I didn't understand cancer
The doctors had no idea what was wrong with her. At first I didn’t know she was sick, but I heard her telling someone. I wasn’t that worried because she didn't seem worried. She went for lots of tests. A month or two later she was diagnosed with cancer. Mum and dad sat us all down (my siblings and me) and told us.
“I didn’t understand what cancer was.”
I knew it was bad, but I didn’t know how bad. My older sister who is about 5 years older than me, was crying and that more than anything scared me. After chemo, radiation and surgery mum got rid of the cancer. We all thought that was it, we were done. But two years later she got sick again.
She just knew it was cancer again. The doctors told her it wasn’t and there was a 1 in a million chance of her getting cancer the second time. A month later she was diagnosed with breast cancer again. She just joked that she should have bought a lottery ticket. Because she was diagnosed earlier this time we thought she would get rid of the cancer quicker or at least she would be fine.
Mum had chemo which she was home for, but she was so sick it was horrible. I had just started high school too and everything was new and different. After the chemo, mum went to Sydney for radiotherapy. For some of the time she was down there Dad went with her. So my brothers and sisters and I were looking after ourselves with nana and pa checking in on us every now and then. Once for school I had to write a note because I couldn’t do P.E. My sister who was in year 12 wrote the letter. I had to explain to the teachers why my parents hadn’t written the letter which was one of the hardest things I’ve had to do.
After mum had come back after radiation, we found out the treatment hadn’t worked as well as it was supposed to as the cancer was still too large for surgery. She needed to have more chemo which still didn’t kill enough cancer cells.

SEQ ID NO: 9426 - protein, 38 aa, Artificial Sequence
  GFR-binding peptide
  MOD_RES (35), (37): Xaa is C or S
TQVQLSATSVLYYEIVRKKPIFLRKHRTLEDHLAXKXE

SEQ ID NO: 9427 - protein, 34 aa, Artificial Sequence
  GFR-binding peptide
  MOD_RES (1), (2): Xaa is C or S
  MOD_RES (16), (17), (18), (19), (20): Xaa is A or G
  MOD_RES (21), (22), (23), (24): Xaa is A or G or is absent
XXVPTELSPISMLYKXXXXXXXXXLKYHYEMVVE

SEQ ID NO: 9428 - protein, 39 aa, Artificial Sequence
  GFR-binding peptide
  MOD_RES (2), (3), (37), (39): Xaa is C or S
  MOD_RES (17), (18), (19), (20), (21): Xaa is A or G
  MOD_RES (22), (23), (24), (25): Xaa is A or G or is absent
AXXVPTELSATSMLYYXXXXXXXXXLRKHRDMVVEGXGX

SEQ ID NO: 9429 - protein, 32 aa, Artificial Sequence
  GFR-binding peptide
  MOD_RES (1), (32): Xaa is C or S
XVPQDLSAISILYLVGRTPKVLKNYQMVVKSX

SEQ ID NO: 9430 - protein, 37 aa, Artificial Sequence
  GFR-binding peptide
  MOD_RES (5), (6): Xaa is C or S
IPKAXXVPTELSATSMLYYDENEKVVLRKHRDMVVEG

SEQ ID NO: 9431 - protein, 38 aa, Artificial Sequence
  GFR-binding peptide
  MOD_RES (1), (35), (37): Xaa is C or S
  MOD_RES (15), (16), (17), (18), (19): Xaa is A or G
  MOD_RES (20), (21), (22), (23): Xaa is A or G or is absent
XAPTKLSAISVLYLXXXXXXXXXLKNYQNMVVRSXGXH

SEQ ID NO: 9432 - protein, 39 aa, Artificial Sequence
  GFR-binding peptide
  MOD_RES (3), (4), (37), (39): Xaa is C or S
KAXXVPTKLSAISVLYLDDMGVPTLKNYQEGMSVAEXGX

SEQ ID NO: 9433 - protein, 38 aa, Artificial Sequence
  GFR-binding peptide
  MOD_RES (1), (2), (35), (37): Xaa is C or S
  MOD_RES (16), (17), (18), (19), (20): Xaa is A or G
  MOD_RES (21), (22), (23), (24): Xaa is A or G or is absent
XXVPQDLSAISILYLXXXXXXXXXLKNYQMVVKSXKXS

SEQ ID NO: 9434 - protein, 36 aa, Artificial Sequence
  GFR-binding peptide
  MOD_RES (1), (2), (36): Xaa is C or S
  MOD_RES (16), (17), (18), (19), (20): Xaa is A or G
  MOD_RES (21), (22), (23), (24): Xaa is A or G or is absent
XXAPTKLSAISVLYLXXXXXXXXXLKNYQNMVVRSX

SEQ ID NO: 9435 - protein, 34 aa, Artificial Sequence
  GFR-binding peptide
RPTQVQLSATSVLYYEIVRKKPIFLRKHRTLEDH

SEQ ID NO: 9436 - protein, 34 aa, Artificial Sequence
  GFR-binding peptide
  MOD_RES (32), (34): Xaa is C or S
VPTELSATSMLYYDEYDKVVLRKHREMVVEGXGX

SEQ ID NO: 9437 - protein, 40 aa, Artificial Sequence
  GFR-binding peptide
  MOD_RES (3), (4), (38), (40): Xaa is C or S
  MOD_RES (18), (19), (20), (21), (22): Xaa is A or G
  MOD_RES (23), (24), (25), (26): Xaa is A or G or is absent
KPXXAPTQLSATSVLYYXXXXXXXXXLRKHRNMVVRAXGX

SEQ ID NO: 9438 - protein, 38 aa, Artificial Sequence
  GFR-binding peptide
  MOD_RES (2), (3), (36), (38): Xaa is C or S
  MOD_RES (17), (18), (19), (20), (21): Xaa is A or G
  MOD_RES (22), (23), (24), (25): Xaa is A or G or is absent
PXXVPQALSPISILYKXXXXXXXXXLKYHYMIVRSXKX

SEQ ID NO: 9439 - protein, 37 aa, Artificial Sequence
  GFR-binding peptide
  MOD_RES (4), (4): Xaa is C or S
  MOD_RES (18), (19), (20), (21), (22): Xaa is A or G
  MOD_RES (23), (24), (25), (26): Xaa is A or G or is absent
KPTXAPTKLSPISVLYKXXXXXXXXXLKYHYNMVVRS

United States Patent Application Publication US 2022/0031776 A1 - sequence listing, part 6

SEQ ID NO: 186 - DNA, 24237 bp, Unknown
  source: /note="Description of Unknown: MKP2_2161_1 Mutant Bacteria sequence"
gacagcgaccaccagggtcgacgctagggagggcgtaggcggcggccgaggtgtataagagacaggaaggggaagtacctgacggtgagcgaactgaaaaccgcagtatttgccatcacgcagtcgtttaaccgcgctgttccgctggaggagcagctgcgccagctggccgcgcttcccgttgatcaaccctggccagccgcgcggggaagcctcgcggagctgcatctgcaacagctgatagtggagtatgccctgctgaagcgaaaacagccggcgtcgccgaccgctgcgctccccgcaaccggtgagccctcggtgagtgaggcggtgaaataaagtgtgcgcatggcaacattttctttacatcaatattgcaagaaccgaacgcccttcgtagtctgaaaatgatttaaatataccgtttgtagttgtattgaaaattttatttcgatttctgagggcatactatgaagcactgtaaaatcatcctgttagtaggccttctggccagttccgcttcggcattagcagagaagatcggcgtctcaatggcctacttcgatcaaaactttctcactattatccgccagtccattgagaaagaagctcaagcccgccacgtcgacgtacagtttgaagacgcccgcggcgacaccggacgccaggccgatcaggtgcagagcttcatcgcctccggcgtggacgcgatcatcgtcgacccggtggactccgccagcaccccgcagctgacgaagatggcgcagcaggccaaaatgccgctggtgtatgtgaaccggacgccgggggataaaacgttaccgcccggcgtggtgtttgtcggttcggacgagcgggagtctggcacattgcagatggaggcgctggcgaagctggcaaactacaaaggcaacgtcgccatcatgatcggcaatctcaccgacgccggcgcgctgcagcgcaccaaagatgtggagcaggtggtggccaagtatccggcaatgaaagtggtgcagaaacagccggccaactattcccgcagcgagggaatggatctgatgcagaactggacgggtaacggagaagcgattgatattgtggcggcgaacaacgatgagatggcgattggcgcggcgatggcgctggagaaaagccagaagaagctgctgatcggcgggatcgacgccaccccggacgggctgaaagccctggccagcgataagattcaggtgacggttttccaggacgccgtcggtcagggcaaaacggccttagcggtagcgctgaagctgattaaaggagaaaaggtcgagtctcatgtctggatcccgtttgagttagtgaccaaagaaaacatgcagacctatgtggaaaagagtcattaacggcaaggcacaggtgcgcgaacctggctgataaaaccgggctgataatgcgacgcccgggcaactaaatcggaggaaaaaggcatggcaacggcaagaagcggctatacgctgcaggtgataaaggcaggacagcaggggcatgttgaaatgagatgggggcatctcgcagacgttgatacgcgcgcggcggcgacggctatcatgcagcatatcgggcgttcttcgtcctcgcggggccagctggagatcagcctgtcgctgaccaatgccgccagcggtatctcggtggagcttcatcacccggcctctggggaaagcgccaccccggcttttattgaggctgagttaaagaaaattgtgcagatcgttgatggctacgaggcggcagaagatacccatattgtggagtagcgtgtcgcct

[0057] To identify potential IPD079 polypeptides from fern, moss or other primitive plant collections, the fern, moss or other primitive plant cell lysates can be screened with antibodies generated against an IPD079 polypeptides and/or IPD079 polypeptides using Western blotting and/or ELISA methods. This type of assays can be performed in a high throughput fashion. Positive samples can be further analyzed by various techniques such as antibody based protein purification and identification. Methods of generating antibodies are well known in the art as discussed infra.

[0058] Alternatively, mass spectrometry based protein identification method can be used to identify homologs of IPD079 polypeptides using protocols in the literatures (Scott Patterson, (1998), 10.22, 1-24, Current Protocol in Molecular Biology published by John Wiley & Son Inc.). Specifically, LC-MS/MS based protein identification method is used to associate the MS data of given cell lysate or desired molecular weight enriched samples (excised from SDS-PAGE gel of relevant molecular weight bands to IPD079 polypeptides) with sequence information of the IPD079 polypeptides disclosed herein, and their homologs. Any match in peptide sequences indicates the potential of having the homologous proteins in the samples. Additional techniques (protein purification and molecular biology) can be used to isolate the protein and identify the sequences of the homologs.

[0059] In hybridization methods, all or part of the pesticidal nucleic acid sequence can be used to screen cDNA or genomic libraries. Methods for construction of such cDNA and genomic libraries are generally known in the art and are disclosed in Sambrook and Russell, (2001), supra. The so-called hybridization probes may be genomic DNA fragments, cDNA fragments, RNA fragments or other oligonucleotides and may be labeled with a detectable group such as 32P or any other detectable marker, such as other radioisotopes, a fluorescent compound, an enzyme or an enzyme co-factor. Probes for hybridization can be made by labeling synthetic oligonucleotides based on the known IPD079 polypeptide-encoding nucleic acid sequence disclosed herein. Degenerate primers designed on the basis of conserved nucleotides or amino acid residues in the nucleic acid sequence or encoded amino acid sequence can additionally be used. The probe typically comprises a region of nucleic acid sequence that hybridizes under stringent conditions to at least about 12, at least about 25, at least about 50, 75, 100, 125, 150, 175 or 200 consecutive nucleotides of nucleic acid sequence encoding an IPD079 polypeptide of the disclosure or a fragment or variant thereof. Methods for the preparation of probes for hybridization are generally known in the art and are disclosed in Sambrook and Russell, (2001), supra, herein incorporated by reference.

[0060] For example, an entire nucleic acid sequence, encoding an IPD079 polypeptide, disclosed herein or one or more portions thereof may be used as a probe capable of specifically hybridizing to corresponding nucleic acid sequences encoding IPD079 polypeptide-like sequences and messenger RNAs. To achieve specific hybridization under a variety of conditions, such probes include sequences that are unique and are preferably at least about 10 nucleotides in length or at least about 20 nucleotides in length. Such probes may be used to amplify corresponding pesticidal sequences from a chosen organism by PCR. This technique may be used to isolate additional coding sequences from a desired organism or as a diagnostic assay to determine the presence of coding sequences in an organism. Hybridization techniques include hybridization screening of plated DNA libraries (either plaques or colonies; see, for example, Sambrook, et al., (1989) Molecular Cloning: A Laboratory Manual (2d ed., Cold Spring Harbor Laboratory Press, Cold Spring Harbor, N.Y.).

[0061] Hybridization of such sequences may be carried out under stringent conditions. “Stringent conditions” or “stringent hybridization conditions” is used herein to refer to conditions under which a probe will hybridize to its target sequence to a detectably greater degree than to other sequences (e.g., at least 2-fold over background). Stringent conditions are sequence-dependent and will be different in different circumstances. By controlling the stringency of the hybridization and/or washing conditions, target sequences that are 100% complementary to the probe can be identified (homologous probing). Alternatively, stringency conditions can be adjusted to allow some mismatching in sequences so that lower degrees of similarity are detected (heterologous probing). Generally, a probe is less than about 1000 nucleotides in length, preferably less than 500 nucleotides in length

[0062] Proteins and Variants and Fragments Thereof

“She had terminal cancer.”
Mum and dad told each of us separately. I was so scared of what was going to happen in the future without a mum. That was when I joined CanTeen which was a great help to show me that life will keep going, and you can still have fun.
Mum kept getting sicker and sicker and the cancer spread right across her chest and around behind her neck until she couldn’t stand up straight. She was having trouble breathing and was in and out of hospital every few weeks.
"Everyday after school we would go and visit her."
One day we all went there and she was so doped up on painkillers she could barely open her eyes. I just knew that would be the last time I saw her. The next day when I got home from school the social worker was standing in the entrance hall. I almost turned around and walked out again.
At the funeral there was so many people. It was suffocating, and it was raining so much the grave side service was postponed.
The next day I went back to school because I knew mum would have wanted me to just keep going. And that’s what I’m doing.